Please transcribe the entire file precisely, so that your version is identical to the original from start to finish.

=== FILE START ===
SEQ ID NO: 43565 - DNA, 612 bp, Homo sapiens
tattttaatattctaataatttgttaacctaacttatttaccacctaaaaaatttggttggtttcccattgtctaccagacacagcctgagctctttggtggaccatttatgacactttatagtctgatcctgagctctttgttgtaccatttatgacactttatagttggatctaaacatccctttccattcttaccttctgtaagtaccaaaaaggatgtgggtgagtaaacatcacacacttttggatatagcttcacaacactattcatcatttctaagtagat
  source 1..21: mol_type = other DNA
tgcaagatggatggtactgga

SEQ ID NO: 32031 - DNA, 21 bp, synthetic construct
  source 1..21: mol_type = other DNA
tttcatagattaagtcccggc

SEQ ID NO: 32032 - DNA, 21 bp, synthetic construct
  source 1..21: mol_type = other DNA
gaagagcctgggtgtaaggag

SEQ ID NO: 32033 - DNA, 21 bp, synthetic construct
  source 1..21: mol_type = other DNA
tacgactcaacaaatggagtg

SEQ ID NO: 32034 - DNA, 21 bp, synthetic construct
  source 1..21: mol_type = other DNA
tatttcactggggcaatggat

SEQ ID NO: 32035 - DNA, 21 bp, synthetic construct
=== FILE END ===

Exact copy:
SEQ ID NO: 43565 - DNA, 612 bp, Homo sapiens
tattttaatattctaataatttgttaacctaacttatttaccacctaaaaaatttggttggtttcccattgtctaccagacacagcctgagctctttggtggaccatttatgacactttatagtctgatcctgagctctttgttgtaccatttatgacactttatagttggatctaaacatccctttccattcttaccttctgtaagtaccaaaaaggatgtgggtgagtaaacatcacacacttttggatatagcttcacaacactattcatcatttctaagtagat
  source 1..21: mol_type = other DNA
tgcaagatggatggtactgga

SEQ ID NO: 32031 - DNA, 21 bp, synthetic construct
  source 1..21: mol_type = other DNA
tttcatagattaagtcccggc

SEQ ID NO: 32032 - DNA, 21 bp, synthetic construct
  source 1..21: mol_type = other DNA
gaagagcctgggtgtaaggag

SEQ ID NO: 32033 - DNA, 21 bp, synthetic construct
  source 1..21: mol_type = other DNA
tacgactcaacaaatggagtg

SEQ ID NO: 32034 - DNA, 21 bp, synthetic construct
  source 1..21: mol_type = other DNA
tatttcactggggcaatggat

SEQ ID NO: 32035 - DNA, 21 bp, synthetic construct